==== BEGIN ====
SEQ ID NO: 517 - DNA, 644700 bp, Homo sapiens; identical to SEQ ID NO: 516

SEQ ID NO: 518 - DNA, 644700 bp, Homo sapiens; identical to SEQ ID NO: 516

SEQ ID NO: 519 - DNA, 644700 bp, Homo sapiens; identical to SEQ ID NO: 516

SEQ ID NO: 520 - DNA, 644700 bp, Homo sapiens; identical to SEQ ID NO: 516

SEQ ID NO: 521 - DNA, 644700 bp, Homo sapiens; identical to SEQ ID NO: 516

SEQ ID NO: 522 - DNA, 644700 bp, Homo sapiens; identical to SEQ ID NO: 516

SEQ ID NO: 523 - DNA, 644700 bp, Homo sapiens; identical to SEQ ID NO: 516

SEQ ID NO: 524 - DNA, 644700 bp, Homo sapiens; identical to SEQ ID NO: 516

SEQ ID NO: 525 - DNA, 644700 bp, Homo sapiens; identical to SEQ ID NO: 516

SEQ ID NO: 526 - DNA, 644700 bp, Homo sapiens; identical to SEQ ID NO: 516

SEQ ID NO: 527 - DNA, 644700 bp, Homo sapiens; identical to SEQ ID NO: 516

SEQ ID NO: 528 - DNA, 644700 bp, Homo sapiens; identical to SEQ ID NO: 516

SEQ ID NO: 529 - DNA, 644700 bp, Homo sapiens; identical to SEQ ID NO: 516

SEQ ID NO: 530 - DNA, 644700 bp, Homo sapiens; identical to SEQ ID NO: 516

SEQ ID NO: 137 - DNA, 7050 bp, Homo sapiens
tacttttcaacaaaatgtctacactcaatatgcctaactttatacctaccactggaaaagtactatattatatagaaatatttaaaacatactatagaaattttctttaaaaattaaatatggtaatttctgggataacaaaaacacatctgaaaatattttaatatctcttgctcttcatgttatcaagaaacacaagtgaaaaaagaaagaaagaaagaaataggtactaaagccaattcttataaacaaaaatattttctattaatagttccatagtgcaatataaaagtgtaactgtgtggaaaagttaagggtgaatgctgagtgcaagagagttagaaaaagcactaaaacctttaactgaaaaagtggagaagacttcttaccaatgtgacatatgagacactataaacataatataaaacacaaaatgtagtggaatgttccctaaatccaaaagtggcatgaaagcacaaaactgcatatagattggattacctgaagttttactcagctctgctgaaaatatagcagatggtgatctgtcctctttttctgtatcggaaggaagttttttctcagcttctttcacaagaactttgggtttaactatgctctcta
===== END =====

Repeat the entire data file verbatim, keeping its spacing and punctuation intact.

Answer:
SEQ ID NO: 517 - DNA, 644700 bp, Homo sapiens; identical to SEQ ID NO: 516

SEQ ID NO: 518 - DNA, 644700 bp, Homo sapiens; identical to SEQ ID NO: 516

SEQ ID NO: 519 - DNA, 644700 bp, Homo sapiens; identical to SEQ ID NO: 516

SEQ ID NO: 520 - DNA, 644700 bp, Homo sapiens; identical to SEQ ID NO: 516

SEQ ID NO: 521 - DNA, 644700 bp, Homo sapiens; identical to SEQ ID NO: 516

SEQ ID NO: 522 - DNA, 644700 bp, Homo sapiens; identical to SEQ ID NO: 516

SEQ ID NO: 523 - DNA, 644700 bp, Homo sapiens; identical to SEQ ID NO: 516

SEQ ID NO: 524 - DNA, 644700 bp, Homo sapiens; identical to SEQ ID NO: 516

SEQ ID NO: 525 - DNA, 644700 bp, Homo sapiens; identical to SEQ ID NO: 516

SEQ ID NO: 526 - DNA, 644700 bp, Homo sapiens; identical to SEQ ID NO: 516

SEQ ID NO: 527 - DNA, 644700 bp, Homo sapiens; identical to SEQ ID NO: 516

SEQ ID NO: 528 - DNA, 644700 bp, Homo sapiens; identical to SEQ ID NO: 516

SEQ ID NO: 529 - DNA, 644700 bp, Homo sapiens; identical to SEQ ID NO: 516

SEQ ID NO: 530 - DNA, 644700 bp, Homo sapiens; identical to SEQ ID NO: 516

SEQ ID NO: 137 - DNA, 7050 bp, Homo sapiens
tacttttcaacaaaatgtctacactcaatatgcctaactttatacctaccactggaaaagtactatattatatagaaatatttaaaacatactatagaaattttctttaaaaattaaatatggtaatttctgggataacaaaaacacatctgaaaatattttaatatctcttgctcttcatgttatcaagaaacacaagtgaaaaaagaaagaaagaaagaaataggtactaaagccaattcttataaacaaaaatattttctattaatagttccatagtgcaatataaaagtgtaactgtgtggaaaagttaagggtgaatgctgagtgcaagagagttagaaaaagcactaaaacctttaactgaaaaagtggagaagacttcttaccaatgtgacatatgagacactataaacataatataaaacacaaaatgtagtggaatgttccctaaatccaaaagtggcatgaaagcacaaaactgcatatagattggattacctgaagttttactcagctctgctgaaaatatagcagatggtgatctgtcctctttttctgtatcggaaggaagttttttctcagcttctttcacaagaactttgggtttaactatgctctcta